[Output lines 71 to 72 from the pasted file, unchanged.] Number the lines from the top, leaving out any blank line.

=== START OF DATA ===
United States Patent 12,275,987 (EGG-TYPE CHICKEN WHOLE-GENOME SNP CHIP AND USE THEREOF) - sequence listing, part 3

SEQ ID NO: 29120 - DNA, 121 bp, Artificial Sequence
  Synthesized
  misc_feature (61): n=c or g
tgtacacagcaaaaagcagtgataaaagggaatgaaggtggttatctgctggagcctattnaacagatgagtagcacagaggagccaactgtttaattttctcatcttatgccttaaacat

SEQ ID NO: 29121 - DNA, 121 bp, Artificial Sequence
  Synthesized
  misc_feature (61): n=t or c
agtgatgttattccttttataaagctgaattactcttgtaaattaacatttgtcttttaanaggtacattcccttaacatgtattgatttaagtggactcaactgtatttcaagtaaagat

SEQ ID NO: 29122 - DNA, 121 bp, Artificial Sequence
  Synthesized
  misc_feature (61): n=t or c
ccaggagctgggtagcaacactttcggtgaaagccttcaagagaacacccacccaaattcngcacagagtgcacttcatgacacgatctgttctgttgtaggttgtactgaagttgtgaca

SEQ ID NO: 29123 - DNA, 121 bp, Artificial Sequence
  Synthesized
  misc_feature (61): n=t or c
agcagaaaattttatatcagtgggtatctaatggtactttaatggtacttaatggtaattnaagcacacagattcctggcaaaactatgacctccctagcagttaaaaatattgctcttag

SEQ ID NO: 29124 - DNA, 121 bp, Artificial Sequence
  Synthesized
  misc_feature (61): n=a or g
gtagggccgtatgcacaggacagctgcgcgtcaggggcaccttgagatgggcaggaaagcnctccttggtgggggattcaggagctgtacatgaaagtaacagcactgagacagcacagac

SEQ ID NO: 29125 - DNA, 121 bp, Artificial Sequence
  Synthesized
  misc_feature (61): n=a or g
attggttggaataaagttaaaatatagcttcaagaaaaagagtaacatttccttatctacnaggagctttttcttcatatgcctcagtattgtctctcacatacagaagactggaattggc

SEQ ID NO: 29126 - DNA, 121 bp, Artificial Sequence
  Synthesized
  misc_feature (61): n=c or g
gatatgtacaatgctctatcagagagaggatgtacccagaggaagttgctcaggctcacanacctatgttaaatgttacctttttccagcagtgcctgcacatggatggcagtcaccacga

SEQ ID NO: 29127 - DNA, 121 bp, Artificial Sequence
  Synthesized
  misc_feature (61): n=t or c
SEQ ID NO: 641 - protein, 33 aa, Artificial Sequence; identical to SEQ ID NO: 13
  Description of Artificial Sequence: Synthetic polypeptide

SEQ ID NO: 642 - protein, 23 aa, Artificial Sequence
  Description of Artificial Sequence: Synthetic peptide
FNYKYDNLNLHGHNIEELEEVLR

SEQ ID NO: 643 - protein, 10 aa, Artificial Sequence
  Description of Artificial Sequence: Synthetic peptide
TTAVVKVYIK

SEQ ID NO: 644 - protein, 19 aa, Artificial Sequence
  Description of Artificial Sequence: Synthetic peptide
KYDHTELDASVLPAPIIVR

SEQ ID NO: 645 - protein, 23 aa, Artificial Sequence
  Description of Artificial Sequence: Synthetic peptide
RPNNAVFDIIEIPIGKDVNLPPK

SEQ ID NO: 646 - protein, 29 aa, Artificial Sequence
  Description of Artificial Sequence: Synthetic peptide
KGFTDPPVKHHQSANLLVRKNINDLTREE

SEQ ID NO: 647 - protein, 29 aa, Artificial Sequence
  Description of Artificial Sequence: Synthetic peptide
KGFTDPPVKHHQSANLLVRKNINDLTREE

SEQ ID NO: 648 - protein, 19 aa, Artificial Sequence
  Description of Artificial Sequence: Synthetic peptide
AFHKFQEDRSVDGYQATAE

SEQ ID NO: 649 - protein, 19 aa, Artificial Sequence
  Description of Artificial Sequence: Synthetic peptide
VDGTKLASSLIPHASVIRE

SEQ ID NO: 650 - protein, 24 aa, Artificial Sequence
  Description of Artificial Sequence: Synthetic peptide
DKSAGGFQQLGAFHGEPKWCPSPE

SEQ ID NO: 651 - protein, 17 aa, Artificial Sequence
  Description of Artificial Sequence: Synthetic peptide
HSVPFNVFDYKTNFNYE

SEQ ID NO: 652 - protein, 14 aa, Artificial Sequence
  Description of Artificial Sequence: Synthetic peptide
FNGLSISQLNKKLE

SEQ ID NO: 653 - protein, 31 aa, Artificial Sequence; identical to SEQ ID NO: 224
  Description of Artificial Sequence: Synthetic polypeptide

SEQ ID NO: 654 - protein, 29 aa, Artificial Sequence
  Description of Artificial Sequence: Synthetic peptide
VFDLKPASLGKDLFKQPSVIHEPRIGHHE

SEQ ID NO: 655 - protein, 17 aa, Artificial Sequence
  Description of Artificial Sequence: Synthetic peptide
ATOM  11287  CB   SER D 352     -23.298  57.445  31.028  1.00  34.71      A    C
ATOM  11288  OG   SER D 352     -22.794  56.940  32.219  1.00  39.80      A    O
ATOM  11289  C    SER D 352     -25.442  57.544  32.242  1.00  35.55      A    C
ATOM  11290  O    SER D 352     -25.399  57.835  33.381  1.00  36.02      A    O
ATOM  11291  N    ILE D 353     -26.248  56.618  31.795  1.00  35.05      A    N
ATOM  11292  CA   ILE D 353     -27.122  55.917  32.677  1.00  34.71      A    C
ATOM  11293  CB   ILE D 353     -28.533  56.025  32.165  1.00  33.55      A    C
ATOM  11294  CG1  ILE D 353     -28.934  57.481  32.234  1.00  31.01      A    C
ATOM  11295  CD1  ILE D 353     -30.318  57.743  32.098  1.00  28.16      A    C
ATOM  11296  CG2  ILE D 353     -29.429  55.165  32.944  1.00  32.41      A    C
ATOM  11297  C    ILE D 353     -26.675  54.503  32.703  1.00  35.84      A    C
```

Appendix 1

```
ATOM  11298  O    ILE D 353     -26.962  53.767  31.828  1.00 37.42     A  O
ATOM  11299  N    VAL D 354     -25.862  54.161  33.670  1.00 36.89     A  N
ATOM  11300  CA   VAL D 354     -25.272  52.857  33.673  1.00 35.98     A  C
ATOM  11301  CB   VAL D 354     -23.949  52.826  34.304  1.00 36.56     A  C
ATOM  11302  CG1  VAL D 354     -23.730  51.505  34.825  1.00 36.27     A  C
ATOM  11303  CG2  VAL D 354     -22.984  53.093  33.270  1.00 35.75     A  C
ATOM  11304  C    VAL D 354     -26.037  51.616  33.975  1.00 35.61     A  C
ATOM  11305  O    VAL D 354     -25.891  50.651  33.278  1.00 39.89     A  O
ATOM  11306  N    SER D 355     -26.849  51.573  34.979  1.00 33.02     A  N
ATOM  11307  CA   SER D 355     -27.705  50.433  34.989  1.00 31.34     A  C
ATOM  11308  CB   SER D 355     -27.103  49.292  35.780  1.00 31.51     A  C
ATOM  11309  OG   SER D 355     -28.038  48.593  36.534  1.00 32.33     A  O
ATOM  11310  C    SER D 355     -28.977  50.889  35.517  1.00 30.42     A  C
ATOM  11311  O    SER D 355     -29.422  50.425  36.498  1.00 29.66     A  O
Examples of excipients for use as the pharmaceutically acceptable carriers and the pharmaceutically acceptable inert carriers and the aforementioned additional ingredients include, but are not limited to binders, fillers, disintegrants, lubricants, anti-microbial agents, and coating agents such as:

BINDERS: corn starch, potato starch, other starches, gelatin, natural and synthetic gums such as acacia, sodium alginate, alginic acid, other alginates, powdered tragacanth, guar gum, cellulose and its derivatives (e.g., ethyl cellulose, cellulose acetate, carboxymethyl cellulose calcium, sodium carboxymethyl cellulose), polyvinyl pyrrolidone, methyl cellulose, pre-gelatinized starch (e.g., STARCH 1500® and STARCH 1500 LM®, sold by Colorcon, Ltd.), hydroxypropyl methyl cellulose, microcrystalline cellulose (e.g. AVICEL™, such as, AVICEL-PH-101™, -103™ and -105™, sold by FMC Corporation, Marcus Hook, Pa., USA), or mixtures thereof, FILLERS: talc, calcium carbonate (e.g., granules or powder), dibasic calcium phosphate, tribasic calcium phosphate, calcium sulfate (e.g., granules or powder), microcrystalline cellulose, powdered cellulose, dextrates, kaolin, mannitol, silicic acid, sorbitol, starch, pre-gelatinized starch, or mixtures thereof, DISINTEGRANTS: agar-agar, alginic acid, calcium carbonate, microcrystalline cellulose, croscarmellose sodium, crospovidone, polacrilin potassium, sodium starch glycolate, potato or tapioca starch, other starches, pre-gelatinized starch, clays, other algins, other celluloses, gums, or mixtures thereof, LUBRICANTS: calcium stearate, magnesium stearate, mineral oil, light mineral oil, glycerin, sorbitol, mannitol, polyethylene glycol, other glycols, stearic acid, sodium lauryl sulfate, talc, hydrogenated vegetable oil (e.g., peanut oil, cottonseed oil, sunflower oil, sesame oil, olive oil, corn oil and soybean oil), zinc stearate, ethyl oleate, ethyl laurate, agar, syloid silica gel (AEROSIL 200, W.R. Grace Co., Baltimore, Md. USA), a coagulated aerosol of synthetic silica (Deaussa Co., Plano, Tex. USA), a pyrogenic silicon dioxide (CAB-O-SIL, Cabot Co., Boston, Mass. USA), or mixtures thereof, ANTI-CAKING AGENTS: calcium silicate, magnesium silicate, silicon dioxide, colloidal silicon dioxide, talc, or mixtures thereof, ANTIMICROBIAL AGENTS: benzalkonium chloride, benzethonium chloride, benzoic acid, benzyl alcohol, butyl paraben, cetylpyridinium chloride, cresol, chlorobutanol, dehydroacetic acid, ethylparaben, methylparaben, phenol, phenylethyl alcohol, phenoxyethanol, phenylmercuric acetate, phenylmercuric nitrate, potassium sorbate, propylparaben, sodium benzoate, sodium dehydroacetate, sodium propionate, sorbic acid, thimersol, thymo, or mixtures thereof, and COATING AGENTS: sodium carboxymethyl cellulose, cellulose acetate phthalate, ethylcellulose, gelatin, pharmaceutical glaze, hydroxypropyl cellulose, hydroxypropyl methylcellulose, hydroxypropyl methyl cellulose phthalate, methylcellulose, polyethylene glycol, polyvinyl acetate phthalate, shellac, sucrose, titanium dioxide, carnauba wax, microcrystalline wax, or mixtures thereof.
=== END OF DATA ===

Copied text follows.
  Description of Artificial Sequence: Synthetic peptide
VFDLKPASLGKDLFKQPSVIHEPRIGHHE